Schott also addressed the political content of the “rent-stop” demonstration held on the same day. The organizers were desperate to prevent a discussion on the need for a new party. The stance “no political parties” was not only undemocratic, it had a clear political goal, i.e., to protect the Senate and prevent the emergence of a conscious political opposition.
A glimpse of the supporters for the rent-stop demonstration revealed a long list of politicians from the Left Party, the SPD and the unions who are directly responsible for the cuts and rent increases. They prefer not to appear publicly but rather disguise themselves behind various organizations and initiatives.
At the beginning of his contribution, PSG chairman Ulrich Rippert highlighted the fundamental difference between the PSG and all other organizations participating in the Berlin election. “In contrast to all other parties we do not accept the dictatorship of the banks. Not a single social problem can be solved without breaking the power of the banks.”
The current economic crisis had not fallen from the sky. The billions paid out worldwide to rescue the banks had ripped huge holes in government budgets. These deficits were now to be filled by massive savings programs.
The claim by billionaires that ordinary people are living beyond their means has led to the closure of schools, libraries, day care centers and swimming pools, while the living standards of working people have been reduced drastically. In the enforcement of these measures the arrogance of the financial elite has only been matched by the cowardice and corruption of bourgeois politicians.
Rippert repeated the demand of the PSG, that those bankers and politicians responsible for the financial crisis be held accountable and punished. He also pointed out that mere protest actions were insufficient to bring about real change. The financial elite was determined to dismantle democratic rights and undertake dictatorial measures to assert its own interests.
The aggressiveness of the ruling class was demonstrated in Afghanistan and Libya. “They are quite prepared to use the same war measures here as they have employed in Libya”, Rippert warned, and stressed that major class struggles were on the agenda in Germany. A storm is brewing in Berlin. Such a mass rebellion is not only inevitable but also urgently necessary to put an end to the existing profit system. “Only the intervention of hundreds of thousands into politics will really change anything.”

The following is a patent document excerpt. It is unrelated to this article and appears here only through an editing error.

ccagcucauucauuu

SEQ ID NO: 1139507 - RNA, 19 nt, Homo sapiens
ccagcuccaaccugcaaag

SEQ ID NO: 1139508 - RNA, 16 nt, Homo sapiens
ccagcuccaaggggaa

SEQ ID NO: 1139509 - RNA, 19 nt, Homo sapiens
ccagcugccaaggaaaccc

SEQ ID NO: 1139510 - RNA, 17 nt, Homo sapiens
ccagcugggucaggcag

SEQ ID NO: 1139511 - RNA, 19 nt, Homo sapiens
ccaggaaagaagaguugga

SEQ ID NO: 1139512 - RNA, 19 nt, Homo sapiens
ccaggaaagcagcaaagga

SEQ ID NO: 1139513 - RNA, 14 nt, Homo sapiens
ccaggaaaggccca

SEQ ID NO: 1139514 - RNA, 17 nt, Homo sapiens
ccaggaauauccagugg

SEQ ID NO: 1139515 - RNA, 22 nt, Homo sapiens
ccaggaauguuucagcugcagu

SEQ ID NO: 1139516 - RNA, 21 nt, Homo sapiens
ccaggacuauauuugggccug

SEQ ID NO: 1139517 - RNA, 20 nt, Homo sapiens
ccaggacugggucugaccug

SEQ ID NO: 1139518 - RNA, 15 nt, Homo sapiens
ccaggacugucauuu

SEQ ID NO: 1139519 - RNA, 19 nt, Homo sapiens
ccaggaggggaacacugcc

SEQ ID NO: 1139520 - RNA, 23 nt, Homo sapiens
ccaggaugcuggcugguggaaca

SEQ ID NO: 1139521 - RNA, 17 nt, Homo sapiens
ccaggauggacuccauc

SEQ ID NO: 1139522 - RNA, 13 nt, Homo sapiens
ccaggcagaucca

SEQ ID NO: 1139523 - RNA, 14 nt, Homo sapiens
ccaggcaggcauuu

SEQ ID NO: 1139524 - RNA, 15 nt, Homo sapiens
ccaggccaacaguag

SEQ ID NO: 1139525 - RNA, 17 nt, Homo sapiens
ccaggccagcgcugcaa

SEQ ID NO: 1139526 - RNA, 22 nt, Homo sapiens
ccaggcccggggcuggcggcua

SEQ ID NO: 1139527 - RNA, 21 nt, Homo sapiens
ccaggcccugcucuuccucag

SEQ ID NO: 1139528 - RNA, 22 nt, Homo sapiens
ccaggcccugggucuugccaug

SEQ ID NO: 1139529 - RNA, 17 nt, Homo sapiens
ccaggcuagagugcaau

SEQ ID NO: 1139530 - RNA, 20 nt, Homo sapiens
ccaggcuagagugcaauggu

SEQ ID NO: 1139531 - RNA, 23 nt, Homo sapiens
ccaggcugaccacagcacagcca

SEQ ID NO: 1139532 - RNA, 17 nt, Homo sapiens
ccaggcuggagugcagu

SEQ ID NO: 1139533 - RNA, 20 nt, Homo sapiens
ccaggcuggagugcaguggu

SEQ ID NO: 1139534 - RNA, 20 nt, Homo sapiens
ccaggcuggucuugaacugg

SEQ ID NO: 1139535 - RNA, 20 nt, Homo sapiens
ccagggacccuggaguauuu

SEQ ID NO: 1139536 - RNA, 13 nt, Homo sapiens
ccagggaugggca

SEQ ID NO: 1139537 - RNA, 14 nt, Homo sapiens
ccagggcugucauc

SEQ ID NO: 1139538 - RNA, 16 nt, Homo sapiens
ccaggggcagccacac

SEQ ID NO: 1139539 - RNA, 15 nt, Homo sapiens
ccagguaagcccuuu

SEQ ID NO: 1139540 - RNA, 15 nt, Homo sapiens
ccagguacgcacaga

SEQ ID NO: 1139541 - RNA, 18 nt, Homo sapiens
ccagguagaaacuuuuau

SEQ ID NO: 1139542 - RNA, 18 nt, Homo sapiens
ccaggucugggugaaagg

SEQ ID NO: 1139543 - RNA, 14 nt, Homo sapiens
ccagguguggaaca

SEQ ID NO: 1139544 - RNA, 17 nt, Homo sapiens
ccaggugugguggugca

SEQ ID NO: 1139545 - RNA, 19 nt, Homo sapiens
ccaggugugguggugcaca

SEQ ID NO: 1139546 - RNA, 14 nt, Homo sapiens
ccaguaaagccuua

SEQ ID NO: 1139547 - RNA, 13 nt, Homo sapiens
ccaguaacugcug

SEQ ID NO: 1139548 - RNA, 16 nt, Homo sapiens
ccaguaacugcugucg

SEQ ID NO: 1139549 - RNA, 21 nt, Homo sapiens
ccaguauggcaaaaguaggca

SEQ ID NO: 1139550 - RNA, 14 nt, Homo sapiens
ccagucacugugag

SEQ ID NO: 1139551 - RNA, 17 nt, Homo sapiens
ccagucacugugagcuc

In this respect it was necessary to draw from the lessons of history, Rippert stated. Such a mass protest must pursue a clear goal based on assuming power and establishing a workers government which put the interests and needs of working people above the drive for profits. This required a party based on a revolutionary program. This is the PSG, the German section of the Fourth International, founded by Leon Trotsky in 1938 as the world party of socialist revolution.
Rippert encouraged the audience to participate in the building of the PSG and vote for the party on 18 September to set a clear vote against the dictatorship of the banks.
The subsequent demonstration was headed by PSG candidates and representatives of the ISSE, carrying a banner with the key message of the campaign: “Build an international revolutionary party”. Other participants held signs opposing racism and war. Another banner read: “Neither a national road, nor Eurobonds: expropriate the banks”.
The PSG demonstrators marched to the Hermannplatz where protesters were gathering for the rent-stop demo. Organizers of the march then sought to prevent PSG speakers from addressing the demonstrators by playing loud music, once again showing their hostility to a socialist alternative.
Leaflets calling for a vote for the Left Party were being distributed at the rent-stop event—in clear contravention of the “no-political parties” stance of the organizers. The Socialist Alternative Voran (SAV) grouping, which operates inside the Left Party and supports its election campaign in Berlin, was also allowed to set up an information table at the rent-stop rally despite the official ban.
Representatives of the PSG opposed this farce and distributed its own statement objecting to the attempt at political censorship and calling for the building of a political alternative to challenge the SPD-Left Party Senate.